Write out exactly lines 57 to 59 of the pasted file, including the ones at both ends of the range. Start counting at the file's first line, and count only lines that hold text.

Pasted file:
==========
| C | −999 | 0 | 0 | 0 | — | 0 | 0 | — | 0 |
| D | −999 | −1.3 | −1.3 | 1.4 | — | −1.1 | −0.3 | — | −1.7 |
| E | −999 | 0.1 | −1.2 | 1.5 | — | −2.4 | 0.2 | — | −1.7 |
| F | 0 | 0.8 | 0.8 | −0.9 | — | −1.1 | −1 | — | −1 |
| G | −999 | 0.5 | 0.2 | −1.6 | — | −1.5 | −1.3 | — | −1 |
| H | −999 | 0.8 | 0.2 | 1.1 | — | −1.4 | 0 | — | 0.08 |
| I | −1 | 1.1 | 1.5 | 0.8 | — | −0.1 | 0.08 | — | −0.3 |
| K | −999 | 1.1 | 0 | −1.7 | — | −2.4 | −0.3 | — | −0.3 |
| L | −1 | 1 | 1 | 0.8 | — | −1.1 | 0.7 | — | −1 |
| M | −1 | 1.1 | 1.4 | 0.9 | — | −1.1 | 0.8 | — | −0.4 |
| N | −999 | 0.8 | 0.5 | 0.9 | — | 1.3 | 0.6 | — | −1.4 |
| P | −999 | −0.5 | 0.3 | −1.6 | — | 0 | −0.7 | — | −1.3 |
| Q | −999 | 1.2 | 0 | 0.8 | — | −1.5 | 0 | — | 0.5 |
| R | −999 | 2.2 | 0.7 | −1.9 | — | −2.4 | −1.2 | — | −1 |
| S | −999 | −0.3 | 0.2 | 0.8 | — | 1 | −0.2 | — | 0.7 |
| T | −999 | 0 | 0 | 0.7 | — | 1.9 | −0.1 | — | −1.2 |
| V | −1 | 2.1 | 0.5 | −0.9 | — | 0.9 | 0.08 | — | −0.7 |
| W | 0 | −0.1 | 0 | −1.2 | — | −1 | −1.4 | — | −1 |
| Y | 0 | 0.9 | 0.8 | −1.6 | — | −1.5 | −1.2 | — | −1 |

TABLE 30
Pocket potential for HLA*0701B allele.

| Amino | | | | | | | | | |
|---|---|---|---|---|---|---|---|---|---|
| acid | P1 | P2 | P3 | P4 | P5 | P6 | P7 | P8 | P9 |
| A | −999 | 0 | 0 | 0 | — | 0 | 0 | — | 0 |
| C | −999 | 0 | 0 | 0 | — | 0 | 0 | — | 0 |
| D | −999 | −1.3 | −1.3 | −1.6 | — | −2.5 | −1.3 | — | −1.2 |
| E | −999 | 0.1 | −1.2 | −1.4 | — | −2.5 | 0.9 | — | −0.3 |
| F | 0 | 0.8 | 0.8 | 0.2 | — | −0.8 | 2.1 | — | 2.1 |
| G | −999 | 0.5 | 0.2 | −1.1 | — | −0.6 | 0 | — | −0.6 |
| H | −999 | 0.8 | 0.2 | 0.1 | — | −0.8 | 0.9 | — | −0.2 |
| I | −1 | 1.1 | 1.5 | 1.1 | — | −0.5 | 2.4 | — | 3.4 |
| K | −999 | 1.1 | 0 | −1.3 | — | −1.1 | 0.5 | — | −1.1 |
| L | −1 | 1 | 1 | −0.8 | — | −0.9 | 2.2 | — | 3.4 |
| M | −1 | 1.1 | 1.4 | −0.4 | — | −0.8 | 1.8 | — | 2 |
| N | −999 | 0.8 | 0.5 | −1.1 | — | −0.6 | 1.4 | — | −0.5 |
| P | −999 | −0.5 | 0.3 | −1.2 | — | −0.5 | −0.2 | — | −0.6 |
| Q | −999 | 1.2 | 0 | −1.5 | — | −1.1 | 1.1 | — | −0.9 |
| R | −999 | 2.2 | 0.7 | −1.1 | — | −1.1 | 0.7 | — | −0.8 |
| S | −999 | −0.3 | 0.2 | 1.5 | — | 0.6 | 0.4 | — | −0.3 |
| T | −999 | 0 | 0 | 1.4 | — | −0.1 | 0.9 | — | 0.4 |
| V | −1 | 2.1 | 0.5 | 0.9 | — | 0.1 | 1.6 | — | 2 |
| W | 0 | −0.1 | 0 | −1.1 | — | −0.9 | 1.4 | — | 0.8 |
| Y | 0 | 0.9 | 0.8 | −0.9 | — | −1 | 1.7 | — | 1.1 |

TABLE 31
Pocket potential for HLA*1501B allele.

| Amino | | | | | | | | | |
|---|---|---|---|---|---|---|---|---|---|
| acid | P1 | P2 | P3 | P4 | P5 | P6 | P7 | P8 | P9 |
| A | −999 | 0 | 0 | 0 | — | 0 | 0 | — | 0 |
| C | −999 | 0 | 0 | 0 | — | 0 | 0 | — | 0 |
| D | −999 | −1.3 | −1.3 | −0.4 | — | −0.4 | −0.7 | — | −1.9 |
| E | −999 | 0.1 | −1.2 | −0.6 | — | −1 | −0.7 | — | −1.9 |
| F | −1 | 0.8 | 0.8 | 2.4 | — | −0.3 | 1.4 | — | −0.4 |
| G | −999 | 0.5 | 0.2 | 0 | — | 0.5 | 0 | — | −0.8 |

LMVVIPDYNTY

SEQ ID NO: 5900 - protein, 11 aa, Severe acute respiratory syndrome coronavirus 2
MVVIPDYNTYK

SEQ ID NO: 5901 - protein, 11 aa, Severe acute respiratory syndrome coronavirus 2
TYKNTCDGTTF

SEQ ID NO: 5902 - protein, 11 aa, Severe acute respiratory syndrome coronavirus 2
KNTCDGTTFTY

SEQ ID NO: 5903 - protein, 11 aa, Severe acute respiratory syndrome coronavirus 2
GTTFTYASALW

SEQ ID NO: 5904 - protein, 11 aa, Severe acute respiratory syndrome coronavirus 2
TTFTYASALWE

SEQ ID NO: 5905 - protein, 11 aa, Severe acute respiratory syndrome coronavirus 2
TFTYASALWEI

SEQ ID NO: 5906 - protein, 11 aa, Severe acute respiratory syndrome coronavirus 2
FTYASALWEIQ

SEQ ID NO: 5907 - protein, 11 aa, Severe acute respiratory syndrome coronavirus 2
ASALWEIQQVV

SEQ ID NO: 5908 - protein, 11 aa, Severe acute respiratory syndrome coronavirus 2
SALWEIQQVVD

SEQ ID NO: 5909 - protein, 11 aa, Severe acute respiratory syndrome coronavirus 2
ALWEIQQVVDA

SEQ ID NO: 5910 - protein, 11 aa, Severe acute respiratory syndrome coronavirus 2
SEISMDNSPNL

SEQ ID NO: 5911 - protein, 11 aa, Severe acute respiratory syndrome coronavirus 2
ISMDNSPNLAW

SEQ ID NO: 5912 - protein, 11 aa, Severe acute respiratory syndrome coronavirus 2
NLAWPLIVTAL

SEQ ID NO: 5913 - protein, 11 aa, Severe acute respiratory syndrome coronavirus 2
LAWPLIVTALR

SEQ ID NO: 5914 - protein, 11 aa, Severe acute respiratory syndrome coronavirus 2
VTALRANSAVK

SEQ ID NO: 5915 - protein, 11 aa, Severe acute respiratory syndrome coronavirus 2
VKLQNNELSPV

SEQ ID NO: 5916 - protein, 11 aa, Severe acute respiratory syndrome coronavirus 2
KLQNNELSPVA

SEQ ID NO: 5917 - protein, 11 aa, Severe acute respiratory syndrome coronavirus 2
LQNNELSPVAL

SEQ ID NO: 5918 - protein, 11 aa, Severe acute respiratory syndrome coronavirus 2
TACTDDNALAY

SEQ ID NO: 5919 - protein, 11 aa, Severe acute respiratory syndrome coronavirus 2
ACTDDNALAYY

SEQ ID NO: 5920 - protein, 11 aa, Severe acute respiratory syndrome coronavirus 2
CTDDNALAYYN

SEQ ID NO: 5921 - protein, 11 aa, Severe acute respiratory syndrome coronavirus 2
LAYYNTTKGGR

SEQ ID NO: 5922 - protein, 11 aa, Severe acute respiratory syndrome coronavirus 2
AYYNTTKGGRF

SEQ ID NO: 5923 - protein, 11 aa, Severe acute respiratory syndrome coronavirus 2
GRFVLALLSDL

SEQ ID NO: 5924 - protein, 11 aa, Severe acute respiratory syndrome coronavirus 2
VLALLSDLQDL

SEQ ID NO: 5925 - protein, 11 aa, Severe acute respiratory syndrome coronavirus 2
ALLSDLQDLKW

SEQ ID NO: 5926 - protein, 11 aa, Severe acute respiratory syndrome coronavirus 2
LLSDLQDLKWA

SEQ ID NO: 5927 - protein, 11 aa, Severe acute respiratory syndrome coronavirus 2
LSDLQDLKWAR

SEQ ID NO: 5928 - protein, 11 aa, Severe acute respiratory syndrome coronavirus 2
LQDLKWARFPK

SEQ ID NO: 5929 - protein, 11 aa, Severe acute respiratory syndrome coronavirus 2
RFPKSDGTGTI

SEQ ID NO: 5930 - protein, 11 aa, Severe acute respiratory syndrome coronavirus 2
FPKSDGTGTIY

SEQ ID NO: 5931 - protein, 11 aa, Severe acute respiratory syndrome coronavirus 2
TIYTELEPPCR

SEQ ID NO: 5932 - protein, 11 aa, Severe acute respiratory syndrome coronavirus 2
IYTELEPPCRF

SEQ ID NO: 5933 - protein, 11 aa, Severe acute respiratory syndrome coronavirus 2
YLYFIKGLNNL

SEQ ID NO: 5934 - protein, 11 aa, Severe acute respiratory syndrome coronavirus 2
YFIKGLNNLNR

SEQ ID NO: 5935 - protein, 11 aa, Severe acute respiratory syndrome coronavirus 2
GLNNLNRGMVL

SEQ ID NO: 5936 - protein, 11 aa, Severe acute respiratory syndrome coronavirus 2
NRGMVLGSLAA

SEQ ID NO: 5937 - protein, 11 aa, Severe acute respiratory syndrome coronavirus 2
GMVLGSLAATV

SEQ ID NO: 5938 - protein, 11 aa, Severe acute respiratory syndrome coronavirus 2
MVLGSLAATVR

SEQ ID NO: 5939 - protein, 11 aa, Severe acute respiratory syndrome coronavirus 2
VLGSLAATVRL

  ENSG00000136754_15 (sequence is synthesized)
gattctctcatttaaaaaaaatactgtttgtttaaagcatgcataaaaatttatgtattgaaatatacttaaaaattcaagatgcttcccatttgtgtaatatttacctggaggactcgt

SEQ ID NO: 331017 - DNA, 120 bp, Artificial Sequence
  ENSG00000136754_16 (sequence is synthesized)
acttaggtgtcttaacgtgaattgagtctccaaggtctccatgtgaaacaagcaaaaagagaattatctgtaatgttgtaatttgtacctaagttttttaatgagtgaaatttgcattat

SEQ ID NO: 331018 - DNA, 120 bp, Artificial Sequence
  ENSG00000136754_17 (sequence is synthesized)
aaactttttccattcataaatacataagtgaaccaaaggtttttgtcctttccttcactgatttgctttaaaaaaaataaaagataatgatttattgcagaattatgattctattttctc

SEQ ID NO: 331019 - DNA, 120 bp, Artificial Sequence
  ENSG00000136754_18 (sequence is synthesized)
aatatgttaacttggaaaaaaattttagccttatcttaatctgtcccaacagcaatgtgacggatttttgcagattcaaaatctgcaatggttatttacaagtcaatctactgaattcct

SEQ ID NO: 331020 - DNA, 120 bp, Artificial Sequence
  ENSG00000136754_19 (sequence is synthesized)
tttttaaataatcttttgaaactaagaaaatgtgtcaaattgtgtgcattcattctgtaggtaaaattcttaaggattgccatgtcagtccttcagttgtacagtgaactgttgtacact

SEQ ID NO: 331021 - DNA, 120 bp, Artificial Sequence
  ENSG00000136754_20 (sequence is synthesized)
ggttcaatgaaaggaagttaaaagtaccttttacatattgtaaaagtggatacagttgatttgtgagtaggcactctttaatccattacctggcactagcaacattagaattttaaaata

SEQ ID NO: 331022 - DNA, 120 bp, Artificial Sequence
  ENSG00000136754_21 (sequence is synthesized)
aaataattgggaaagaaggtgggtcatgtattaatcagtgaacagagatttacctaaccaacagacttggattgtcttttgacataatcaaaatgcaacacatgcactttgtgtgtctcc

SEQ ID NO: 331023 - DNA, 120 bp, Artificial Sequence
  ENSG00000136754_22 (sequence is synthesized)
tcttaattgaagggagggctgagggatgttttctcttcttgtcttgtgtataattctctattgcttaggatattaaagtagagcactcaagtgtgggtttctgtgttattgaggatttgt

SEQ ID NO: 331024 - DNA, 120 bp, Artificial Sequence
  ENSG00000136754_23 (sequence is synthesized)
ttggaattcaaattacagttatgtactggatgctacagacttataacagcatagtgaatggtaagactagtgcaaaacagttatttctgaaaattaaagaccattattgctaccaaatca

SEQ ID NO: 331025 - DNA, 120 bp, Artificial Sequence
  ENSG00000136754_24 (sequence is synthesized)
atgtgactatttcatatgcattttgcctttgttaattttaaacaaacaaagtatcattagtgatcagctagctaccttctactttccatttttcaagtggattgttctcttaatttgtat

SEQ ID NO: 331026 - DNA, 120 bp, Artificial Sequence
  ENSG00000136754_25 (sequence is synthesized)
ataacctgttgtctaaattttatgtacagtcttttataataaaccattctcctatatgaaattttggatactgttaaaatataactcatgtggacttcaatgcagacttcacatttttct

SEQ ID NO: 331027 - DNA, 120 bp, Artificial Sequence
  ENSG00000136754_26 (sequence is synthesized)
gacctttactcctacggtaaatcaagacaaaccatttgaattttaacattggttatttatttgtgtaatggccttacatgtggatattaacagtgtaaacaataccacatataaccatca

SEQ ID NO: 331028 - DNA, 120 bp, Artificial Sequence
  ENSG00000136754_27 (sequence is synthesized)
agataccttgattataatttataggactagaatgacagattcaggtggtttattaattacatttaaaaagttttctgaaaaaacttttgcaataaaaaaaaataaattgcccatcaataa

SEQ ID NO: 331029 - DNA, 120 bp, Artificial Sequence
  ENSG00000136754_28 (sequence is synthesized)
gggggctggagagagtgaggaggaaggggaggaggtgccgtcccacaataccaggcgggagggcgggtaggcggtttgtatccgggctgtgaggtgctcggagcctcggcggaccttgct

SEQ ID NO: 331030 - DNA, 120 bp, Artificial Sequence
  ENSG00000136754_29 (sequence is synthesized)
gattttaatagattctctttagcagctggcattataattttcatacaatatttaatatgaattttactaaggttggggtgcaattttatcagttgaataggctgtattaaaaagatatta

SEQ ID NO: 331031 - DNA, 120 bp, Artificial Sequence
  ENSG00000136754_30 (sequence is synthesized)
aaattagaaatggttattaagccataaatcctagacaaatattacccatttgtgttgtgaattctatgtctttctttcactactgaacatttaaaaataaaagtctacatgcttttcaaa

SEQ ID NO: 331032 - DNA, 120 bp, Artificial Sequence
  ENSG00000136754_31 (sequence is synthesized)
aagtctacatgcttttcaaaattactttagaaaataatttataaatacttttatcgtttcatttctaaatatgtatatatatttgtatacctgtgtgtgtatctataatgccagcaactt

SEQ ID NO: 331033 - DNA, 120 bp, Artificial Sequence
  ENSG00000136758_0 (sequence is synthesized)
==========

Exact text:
SEQ ID NO: 5900 - protein, 11 aa, Severe acute respiratory syndrome coronavirus 2
MVVIPDYNTYK

SEQ ID NO: 5901 - protein, 11 aa, Severe acute respiratory syndrome coronavirus 2